Saturday, August 6, 2011

Woonerf Court

Woonerf: It's the latest cool word in urban planning circles. North American suburbanites have been enjoying their own form of woonerfs for years: Courts, crescents, places and culs-de-sac.

This London cul-de-sac is a perfect living yard: Woonerf.
I first encountered the word woonerf in the Toronto Star more than a year ago. In my reading since then the word has cropped up now and again, most recently in an article by Kelly Pedro in The London Free Press.

According to the London paper, woonerf is Dutch for naked street. No, we are not talking nudism. A woonerf is a residential street stripped of the clear division between traffic and pedestrian rights of way.

Traffic and kids at play share this suburban court.
One idea being floated to improve the London downtown is to convert Dundas or another downtown street into a woonerf. Two little corrections should be made here: First, a woonerf is a residential animal. If you want to release a woonerf in a commercial area, you need a winkelerf. Second, a woonerf is more commonly translated as a living street and not a naked one.

The word may be Dutch but according to Colin Hand the concept originated in Britain with a British road engineer and architect, Colin Buchanan.

In this tale of how the woonerf came to be, a story also retold in the pages of Architecture Week, it was a Dutchman, Niek De Boer, who took the Englishman's idea and ran with it or should I say planned with it.

Woonerfs are streets designed, or redesigned, to force drivers to slow down as they shared the road space with cyclists, pedestrians and children. De Boer named these streets woonerfs, or living yards. His woonerfs were residential in character and the first one was built in the City of Delft in the '60s.

In Toronto, woonerfs (pedestrian oriented streets) are planned for the West Don Lands development.

If you search the web, you'll find examples of Dutch woonerfs with gardens and pedestrian seating nestled in among the shrubs and flowers. These remind me of  the court directly above mine and linked to my court by a well-used walkway.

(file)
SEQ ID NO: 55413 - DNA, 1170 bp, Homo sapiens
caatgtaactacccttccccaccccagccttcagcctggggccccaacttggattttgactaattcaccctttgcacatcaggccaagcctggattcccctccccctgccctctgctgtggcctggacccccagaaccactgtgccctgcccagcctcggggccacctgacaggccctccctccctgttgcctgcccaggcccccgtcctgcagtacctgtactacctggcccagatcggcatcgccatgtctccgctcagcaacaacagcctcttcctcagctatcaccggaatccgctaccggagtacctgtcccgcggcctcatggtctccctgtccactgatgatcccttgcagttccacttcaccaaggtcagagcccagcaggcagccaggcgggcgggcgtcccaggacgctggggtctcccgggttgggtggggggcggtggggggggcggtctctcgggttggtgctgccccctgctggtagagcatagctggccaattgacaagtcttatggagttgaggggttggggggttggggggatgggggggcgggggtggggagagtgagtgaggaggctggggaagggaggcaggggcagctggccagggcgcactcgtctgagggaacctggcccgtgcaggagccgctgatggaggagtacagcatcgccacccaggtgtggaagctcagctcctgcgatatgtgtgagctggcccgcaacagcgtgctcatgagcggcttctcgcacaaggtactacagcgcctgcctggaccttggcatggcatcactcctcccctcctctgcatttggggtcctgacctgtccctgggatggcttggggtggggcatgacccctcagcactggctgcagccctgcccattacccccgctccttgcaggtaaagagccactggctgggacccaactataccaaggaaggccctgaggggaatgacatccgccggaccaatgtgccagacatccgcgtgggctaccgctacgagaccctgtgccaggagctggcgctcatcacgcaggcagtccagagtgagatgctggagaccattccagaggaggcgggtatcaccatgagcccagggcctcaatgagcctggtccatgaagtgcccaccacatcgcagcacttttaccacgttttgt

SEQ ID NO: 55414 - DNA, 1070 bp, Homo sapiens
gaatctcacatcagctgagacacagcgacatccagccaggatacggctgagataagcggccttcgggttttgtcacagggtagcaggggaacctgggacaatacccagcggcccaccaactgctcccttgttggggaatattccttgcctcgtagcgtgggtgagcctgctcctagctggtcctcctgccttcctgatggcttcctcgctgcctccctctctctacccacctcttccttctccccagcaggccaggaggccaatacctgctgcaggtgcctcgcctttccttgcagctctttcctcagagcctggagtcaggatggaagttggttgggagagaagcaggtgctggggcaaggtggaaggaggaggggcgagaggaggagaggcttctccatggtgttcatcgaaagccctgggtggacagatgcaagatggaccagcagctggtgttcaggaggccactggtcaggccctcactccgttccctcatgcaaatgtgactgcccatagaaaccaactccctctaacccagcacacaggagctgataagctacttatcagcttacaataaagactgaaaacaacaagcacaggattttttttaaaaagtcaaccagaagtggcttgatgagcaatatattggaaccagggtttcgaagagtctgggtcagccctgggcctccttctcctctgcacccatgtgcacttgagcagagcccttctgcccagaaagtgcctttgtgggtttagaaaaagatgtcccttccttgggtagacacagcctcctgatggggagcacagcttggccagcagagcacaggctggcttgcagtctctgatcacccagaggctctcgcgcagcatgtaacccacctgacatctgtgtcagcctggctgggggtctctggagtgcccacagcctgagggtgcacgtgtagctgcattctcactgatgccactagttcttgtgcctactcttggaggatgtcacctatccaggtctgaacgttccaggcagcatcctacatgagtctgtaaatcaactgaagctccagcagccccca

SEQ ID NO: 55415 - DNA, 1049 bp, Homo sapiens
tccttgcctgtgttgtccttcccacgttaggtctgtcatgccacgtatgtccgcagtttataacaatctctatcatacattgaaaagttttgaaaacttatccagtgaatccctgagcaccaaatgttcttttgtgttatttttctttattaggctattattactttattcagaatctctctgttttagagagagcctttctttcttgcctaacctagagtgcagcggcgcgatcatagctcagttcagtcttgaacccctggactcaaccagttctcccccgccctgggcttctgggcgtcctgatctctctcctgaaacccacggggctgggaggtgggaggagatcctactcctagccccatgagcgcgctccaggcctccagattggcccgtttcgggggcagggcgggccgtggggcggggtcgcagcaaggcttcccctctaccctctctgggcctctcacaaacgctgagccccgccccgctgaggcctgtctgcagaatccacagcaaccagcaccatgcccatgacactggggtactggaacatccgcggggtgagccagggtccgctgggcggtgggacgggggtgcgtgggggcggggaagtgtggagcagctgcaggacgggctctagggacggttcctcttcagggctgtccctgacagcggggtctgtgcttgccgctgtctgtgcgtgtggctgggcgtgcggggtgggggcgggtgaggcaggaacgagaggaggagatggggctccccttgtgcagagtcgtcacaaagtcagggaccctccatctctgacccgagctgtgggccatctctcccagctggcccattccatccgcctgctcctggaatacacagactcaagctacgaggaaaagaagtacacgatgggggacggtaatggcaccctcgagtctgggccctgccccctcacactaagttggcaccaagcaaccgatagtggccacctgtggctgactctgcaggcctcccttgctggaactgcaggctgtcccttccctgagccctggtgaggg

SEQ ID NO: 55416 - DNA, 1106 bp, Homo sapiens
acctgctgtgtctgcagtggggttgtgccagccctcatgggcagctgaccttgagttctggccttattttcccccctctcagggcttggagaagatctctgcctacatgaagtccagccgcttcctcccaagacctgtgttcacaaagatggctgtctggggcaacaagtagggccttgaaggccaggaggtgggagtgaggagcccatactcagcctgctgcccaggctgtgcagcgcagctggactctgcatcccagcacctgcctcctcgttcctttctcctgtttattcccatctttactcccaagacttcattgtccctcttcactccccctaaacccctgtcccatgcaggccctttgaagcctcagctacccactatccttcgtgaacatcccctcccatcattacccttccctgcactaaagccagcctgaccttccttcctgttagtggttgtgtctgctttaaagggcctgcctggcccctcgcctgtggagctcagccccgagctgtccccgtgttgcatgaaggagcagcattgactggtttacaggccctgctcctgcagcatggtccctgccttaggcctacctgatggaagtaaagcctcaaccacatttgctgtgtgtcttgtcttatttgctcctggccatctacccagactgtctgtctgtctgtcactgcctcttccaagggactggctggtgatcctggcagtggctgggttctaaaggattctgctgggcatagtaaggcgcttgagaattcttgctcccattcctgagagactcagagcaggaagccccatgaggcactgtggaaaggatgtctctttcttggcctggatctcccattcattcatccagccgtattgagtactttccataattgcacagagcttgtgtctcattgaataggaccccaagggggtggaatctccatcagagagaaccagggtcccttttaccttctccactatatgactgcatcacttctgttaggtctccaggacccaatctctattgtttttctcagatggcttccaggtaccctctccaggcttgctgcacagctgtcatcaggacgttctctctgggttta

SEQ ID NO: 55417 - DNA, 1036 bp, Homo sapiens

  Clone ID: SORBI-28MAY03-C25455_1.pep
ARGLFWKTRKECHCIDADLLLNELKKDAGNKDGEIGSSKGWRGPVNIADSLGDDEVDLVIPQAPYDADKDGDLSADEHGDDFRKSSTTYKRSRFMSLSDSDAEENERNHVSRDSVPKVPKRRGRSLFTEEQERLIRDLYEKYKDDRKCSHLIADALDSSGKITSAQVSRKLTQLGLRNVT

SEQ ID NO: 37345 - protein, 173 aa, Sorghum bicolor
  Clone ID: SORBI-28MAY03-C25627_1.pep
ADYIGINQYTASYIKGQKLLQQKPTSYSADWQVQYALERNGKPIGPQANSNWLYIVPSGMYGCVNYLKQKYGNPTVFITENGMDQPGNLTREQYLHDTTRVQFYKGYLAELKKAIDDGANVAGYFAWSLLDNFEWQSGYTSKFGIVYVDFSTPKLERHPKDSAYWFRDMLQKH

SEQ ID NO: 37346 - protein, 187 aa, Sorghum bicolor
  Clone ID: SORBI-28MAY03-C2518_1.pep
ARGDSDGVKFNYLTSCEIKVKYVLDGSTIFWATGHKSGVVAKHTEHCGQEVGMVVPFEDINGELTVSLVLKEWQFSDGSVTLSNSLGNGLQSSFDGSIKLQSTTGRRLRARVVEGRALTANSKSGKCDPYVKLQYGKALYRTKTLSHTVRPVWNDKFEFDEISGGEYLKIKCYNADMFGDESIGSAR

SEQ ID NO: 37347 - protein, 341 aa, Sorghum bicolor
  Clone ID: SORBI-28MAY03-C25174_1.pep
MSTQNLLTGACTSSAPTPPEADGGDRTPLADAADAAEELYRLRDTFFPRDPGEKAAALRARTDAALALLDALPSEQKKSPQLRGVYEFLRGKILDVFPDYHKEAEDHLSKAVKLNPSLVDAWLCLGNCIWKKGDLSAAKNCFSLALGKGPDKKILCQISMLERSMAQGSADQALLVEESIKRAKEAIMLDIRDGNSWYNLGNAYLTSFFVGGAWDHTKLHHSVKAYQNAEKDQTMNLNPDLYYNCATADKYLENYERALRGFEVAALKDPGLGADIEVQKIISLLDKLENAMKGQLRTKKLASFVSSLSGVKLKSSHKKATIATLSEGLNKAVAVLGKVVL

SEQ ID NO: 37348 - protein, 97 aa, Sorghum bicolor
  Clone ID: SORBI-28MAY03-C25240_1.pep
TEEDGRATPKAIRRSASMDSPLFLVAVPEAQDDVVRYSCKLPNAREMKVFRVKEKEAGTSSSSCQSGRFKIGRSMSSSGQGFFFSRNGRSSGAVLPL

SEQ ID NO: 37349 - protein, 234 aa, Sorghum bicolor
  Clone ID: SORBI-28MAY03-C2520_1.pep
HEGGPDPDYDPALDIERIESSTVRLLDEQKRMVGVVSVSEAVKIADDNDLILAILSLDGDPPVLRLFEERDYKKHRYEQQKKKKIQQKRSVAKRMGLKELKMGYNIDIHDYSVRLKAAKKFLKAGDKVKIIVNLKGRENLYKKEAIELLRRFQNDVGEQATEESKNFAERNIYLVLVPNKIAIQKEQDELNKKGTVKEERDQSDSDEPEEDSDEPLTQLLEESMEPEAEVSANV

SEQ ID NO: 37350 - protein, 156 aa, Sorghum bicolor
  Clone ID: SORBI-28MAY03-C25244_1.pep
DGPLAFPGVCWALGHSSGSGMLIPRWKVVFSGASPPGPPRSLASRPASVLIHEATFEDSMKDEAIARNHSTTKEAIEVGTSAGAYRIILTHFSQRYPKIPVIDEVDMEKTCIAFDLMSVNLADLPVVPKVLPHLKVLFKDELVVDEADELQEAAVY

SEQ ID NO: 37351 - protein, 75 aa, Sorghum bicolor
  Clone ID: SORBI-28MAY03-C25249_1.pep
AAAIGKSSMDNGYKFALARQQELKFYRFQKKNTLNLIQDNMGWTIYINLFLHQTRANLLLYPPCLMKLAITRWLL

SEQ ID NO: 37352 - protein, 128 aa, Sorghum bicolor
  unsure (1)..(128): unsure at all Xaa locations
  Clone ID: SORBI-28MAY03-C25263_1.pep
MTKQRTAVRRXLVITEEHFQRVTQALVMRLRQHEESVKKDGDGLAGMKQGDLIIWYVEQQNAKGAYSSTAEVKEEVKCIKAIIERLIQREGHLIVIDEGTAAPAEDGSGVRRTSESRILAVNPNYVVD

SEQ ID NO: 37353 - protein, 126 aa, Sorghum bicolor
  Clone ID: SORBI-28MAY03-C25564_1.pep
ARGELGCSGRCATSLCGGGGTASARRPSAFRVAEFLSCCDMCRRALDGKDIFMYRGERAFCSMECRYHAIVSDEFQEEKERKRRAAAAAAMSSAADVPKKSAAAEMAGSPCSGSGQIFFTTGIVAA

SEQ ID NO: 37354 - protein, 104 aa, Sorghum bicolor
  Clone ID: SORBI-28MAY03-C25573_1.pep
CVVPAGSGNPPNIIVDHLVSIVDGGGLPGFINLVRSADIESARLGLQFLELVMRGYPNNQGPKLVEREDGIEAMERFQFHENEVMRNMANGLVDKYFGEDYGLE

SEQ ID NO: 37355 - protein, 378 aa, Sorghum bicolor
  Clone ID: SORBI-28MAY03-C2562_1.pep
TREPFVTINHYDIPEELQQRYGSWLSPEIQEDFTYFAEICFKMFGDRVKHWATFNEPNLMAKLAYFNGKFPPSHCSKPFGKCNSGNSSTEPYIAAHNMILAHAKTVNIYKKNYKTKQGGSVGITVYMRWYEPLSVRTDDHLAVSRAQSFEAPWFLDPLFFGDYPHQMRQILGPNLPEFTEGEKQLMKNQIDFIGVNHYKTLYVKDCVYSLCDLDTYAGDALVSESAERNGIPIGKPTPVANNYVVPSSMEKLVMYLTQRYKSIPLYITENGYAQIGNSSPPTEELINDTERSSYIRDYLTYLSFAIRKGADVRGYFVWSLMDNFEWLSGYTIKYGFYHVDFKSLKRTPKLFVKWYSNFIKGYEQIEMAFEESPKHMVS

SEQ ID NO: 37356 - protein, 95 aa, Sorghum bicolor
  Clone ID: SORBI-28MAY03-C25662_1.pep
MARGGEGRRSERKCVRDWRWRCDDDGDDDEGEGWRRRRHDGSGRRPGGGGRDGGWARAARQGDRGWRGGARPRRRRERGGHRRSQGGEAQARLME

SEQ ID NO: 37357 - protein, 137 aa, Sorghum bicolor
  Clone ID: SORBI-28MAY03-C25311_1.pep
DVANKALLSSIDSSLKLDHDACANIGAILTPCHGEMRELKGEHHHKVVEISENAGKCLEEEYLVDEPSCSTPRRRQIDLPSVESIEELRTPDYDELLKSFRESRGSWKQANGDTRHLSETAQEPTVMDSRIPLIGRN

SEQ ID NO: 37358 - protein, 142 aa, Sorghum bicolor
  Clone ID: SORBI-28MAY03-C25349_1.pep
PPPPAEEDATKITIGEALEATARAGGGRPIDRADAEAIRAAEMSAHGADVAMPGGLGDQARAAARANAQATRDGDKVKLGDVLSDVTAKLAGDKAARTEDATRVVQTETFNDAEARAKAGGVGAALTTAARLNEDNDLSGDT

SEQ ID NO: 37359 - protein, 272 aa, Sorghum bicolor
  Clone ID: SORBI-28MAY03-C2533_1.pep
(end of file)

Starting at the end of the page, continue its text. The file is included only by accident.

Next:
When I first wrote this I was being a little facetious. Now, I'm not so sure. It's possible that some of the finest examples of woonerfs may be found in North American suburbs.

The Dutch government set design standards and passed traffic laws regulating woonerfs in 1976. Some suburban courts come quite close to following many of the Dutch government guidelines:
  • Playing on the roadway is permitted
  • Pedestrians may use the full width of the roadway
  • Drivers must make allowance for the presence of pedestrians and children at play
  • Speed bumps may be encountered
  • The roadway may curve and shorten a driver's line of sight
  • The roadway may be narrower than that of other area roads
  • There may be flower filled islands and large pots
  • Seating areas may encroach into the area of the street once designated only for vehicular traffic.
If the design principals of a woonerf are applied to a commercial area, the area becomes a winkelerf, which is not covered by the woonerf regulations.

Some suburban courts, crescents, places and culs-de-sac answer many design guidelines for woonerfs. See the following pictures taken near my Byron, Ontario home.

Narrow roadway is not car friendly.
Short line of sight plus park, complete with benches, all act to calm traffic.
A walkway links culs-de-sac making the distance shorter to walk than drive.

1 comment:

  1. Letter to editor concerning street being given sidewalks against the wishes of the residents.

    How quickly ideas come and go in London. Just a few years ago woonerf was a cool word in urban planning. Woonerf is the Dutch word for a residential street without a clear division between traffic and pedestrian rights of way. A search of the Web finds many examples of Dutch woonerfs with gardens and pedestrian seating that bring to mind some very nice small streets in London such as Fourwinds Place in Byron.

    Auburn Avenue is not a woonerf but it is a quiet residential street without sidewalks. Now, the city wants to build sidewalks and longtime residents are protesting. If residents are comfortable living on a street without sidewalks, leave them be.

    If ReThink London was about anything, it was about listening to residents.